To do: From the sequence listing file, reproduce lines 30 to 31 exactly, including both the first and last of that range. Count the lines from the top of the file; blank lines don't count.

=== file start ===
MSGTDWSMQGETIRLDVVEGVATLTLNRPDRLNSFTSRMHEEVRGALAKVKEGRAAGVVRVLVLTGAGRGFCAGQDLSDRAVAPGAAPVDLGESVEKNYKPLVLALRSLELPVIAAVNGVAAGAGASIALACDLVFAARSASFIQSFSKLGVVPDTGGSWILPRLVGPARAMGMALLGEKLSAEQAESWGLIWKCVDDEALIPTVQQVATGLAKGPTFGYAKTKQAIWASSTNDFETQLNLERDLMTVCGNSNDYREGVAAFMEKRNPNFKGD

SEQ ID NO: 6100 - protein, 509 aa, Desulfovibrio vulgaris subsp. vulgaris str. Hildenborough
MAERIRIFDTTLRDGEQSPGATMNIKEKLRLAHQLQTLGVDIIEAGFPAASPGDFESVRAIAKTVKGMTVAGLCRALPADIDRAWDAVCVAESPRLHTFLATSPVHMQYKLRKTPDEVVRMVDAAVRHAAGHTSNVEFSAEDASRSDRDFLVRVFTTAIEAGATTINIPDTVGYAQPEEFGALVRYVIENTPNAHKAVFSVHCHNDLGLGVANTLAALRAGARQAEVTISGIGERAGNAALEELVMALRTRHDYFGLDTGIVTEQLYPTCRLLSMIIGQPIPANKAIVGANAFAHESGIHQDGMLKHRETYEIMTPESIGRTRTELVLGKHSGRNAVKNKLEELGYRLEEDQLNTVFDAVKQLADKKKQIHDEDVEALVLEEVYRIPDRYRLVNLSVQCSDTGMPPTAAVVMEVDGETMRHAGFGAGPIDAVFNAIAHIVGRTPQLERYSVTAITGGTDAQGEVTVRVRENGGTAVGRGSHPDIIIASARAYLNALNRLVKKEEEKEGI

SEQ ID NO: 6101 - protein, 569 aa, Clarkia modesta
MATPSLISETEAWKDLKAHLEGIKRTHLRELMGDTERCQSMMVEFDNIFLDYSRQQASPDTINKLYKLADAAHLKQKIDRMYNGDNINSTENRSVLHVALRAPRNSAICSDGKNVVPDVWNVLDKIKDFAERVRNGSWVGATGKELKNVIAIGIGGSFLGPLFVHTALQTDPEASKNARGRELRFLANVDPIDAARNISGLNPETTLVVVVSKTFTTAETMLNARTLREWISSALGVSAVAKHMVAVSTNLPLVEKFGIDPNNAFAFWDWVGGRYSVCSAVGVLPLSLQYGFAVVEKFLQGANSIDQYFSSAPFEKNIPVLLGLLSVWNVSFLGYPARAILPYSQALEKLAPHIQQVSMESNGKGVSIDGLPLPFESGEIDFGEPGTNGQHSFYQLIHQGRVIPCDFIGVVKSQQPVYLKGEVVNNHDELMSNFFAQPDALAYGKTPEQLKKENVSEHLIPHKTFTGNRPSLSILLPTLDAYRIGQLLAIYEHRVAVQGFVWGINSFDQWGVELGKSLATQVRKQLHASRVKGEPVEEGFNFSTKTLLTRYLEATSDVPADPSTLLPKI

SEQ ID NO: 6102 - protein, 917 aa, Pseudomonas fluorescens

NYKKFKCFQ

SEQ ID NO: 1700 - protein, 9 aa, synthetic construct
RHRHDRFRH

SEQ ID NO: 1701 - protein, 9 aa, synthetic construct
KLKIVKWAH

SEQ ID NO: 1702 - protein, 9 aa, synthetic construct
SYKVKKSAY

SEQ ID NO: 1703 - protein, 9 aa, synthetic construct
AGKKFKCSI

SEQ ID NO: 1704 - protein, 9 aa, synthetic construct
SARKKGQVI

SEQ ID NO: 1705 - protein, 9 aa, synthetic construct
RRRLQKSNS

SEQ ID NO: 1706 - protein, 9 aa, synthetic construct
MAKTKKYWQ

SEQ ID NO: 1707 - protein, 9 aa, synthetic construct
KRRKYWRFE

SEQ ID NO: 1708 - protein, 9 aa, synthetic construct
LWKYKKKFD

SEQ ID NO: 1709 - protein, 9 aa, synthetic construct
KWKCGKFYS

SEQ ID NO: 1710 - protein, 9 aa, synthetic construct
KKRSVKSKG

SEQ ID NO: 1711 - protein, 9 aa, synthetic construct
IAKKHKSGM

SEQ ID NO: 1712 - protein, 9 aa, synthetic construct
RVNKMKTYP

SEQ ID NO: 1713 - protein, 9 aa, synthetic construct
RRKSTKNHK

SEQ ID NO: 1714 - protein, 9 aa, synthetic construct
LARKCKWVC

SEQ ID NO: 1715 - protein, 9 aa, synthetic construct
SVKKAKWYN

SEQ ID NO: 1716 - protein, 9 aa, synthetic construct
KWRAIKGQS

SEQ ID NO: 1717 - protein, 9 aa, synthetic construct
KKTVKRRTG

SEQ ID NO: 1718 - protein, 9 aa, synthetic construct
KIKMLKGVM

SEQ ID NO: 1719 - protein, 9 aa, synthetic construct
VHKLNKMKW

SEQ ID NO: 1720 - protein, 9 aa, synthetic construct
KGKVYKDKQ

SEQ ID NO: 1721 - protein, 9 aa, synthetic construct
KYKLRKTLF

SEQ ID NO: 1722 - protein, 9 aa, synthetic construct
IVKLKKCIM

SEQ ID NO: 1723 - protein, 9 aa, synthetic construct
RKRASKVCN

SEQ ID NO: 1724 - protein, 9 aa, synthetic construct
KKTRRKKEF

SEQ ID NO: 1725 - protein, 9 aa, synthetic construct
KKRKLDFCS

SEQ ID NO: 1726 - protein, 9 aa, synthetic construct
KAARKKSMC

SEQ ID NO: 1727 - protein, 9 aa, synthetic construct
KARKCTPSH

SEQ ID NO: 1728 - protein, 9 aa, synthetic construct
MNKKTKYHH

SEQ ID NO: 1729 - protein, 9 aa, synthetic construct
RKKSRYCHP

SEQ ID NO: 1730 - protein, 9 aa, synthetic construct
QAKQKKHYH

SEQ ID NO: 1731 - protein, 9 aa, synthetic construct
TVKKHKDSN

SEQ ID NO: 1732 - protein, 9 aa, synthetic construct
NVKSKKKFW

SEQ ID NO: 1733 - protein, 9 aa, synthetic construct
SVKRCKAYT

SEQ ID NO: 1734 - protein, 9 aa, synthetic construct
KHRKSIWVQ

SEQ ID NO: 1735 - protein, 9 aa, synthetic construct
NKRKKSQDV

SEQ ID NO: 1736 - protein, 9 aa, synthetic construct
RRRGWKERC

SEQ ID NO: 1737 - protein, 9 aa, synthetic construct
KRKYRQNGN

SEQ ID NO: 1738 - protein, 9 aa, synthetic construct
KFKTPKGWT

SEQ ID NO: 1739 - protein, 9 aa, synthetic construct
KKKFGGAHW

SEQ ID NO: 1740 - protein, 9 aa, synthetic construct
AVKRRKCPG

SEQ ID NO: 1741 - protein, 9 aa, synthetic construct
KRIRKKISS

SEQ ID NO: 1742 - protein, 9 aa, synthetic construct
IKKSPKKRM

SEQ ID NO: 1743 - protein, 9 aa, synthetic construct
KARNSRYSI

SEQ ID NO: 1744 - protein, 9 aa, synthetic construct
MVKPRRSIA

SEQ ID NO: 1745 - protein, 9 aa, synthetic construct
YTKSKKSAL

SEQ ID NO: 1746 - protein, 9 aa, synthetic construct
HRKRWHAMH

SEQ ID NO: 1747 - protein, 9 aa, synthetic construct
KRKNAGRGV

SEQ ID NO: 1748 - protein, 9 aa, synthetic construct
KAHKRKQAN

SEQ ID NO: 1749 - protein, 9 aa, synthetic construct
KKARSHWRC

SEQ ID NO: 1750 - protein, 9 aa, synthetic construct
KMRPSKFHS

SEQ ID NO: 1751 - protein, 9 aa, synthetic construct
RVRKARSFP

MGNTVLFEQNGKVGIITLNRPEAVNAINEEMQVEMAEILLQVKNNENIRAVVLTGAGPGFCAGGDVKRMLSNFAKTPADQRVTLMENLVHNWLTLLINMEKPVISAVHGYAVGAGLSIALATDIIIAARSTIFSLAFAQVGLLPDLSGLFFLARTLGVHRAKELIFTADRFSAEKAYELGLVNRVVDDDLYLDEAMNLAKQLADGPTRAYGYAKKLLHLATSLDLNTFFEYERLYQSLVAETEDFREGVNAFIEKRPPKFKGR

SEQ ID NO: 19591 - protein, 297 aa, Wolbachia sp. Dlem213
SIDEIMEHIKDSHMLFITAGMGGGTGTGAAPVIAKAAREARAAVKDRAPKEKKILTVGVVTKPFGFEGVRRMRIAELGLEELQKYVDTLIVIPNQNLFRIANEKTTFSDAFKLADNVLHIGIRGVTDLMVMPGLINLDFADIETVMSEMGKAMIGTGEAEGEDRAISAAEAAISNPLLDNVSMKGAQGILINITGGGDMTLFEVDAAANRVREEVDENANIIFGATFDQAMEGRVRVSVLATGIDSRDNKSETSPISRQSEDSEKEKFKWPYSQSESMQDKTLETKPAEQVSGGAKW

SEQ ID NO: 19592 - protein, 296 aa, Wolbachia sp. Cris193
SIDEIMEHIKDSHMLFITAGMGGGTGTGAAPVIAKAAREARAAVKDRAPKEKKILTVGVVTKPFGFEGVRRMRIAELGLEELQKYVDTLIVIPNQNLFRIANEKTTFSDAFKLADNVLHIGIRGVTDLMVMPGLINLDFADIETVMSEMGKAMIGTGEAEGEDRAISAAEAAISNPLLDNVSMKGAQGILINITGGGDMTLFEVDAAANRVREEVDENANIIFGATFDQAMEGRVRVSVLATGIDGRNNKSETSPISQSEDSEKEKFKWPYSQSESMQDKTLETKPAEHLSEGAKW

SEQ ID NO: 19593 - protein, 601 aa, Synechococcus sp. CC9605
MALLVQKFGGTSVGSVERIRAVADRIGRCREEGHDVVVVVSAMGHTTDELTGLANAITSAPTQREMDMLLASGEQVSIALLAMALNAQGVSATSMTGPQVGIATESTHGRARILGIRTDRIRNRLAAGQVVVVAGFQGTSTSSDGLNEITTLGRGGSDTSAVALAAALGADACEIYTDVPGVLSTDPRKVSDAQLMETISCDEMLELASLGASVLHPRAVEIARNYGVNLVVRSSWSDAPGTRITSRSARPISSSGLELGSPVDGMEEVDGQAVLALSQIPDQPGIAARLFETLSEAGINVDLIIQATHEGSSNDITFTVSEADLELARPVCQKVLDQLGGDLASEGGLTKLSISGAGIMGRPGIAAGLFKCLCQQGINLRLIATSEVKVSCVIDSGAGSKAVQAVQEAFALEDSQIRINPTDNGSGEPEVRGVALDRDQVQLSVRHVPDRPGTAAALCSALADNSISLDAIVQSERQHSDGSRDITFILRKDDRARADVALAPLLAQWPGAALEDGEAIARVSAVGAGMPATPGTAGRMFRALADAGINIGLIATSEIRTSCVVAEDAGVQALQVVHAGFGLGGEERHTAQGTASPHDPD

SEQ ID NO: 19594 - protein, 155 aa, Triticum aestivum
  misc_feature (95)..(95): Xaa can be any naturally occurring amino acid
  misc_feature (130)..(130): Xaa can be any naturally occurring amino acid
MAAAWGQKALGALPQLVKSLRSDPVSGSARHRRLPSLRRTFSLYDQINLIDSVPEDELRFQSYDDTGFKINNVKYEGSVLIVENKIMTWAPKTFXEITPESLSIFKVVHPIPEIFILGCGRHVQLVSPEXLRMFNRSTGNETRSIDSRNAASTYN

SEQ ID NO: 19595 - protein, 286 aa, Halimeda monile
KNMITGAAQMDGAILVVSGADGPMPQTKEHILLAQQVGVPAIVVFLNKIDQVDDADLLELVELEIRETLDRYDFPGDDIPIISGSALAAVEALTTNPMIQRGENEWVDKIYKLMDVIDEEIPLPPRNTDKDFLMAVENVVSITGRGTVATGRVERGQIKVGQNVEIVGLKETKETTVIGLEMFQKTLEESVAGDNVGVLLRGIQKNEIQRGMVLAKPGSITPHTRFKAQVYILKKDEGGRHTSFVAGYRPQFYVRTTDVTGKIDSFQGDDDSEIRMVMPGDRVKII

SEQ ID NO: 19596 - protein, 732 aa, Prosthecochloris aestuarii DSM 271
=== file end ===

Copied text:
SEQ ID NO: 1711 - protein, 9 aa, synthetic construct
IAKKHKSGM